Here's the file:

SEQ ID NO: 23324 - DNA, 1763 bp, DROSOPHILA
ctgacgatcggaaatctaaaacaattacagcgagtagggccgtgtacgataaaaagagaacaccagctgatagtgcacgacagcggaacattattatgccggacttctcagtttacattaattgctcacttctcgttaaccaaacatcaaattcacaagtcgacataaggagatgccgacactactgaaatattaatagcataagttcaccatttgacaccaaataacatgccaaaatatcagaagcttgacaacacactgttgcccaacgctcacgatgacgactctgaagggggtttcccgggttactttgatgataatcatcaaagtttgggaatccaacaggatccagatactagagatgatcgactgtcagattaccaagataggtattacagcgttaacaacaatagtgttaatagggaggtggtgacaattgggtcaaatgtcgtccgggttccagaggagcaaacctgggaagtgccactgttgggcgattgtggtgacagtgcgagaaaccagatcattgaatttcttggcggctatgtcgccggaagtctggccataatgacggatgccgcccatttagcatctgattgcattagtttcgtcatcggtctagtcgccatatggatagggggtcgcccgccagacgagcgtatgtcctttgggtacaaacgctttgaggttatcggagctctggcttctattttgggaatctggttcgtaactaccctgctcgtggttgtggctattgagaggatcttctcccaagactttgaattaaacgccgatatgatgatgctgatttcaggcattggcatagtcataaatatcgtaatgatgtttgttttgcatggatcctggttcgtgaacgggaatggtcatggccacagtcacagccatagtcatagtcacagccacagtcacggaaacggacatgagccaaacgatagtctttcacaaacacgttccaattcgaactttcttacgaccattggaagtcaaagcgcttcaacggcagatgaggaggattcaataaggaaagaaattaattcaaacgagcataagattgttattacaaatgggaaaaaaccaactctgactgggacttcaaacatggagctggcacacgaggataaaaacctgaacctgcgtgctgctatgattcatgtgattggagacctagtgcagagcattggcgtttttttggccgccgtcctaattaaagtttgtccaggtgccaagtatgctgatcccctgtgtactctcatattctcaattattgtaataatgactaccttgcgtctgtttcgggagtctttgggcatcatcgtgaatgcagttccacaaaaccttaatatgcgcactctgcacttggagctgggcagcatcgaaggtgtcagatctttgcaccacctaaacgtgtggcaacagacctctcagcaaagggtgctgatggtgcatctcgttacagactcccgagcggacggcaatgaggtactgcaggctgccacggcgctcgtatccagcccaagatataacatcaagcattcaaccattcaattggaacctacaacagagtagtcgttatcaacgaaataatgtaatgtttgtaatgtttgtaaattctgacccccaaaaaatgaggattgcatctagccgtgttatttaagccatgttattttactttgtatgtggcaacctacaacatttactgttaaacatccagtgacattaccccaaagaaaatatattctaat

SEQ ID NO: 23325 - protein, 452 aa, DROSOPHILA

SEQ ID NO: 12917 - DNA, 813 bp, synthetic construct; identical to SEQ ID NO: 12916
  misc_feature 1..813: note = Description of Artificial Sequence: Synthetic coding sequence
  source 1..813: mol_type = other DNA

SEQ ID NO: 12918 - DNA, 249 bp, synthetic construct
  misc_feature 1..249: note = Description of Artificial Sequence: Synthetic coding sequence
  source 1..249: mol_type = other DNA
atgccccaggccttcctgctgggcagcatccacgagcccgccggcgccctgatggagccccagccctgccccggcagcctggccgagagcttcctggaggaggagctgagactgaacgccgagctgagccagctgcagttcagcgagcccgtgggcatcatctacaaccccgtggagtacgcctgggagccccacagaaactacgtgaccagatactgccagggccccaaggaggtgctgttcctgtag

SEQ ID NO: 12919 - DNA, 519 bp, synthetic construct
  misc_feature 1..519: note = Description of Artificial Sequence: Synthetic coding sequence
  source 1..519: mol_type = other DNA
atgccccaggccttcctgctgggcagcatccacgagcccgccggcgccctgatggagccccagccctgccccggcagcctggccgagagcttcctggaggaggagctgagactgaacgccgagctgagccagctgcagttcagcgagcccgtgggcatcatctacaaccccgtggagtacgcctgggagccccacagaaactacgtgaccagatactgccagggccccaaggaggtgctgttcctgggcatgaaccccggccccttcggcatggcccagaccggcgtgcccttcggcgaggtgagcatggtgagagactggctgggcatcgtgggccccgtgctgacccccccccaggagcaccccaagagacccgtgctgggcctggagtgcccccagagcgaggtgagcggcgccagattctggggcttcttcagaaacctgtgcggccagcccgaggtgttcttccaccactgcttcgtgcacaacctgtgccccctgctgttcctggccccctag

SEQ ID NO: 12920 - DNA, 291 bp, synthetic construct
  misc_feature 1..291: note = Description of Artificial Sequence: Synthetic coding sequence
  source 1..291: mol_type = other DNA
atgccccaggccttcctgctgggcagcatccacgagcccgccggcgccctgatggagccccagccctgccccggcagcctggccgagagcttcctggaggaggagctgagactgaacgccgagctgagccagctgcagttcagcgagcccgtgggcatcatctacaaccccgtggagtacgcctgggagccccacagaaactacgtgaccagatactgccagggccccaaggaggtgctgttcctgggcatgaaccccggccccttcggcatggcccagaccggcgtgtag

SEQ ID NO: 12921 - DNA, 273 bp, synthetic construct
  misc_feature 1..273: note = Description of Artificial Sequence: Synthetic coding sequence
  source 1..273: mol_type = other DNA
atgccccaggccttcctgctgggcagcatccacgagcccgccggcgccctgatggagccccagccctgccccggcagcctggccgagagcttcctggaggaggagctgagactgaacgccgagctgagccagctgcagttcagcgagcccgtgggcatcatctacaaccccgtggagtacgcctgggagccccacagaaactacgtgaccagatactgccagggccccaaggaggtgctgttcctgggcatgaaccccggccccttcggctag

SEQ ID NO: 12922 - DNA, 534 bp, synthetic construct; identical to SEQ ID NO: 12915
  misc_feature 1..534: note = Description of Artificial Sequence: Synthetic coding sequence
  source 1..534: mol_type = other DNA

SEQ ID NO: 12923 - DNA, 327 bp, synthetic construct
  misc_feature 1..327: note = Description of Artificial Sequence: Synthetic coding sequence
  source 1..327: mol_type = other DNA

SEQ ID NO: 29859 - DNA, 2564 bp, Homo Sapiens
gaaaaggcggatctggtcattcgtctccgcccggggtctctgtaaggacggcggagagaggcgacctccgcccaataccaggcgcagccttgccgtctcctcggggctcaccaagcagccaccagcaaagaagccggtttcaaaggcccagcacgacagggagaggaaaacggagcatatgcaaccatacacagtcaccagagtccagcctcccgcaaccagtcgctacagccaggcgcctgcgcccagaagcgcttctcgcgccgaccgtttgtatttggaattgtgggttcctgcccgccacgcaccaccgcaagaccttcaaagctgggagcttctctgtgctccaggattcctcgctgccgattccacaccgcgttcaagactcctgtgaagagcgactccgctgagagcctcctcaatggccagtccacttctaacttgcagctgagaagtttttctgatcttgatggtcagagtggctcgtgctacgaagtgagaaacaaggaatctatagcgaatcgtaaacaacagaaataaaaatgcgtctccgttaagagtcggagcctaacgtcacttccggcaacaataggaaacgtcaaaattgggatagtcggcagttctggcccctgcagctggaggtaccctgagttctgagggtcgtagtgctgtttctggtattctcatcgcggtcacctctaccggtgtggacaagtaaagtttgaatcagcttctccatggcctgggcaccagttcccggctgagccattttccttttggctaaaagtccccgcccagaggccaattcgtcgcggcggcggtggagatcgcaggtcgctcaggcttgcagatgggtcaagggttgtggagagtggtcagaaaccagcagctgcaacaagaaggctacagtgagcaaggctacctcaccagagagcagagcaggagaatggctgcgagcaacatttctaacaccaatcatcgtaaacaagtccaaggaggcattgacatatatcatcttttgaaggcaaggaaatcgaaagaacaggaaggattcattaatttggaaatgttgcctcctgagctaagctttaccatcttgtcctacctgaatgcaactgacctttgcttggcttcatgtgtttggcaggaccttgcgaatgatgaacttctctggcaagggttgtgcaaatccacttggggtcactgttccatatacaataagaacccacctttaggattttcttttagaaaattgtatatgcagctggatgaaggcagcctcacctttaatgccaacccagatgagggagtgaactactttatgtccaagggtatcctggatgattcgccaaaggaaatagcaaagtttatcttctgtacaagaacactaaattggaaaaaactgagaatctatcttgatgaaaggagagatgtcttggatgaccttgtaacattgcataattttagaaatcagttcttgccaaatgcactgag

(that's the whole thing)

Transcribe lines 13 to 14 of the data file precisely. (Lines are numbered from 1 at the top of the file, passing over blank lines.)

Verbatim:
  source 1..519: mol_type = other DNA
atgccccaggccttcctgctgggcagcatccacgagcccgccggcgccctgatggagccccagccctgccccggcagcctggccgagagcttcctggaggaggagctgagactgaacgccgagctgagccagctgcagttcagcgagcccgtgggcatcatctacaaccccgtggagtacgcctgggagccccacagaaactacgtgaccagatactgccagggccccaaggaggtgctgttcctgggcatgaaccccggccccttcggcatggcccagaccggcgtgcccttcggcgaggtgagcatggtgagagactggctgggcatcgtgggccccgtgctgacccccccccaggagcaccccaagagacccgtgctgggcctggagtgcccccagagcgaggtgagcggcgccagattctggggcttcttcagaaacctgtgcggccagcccgaggtgttcttccaccactgcttcgtgcacaacctgtgccccctgctgttcctggccccctag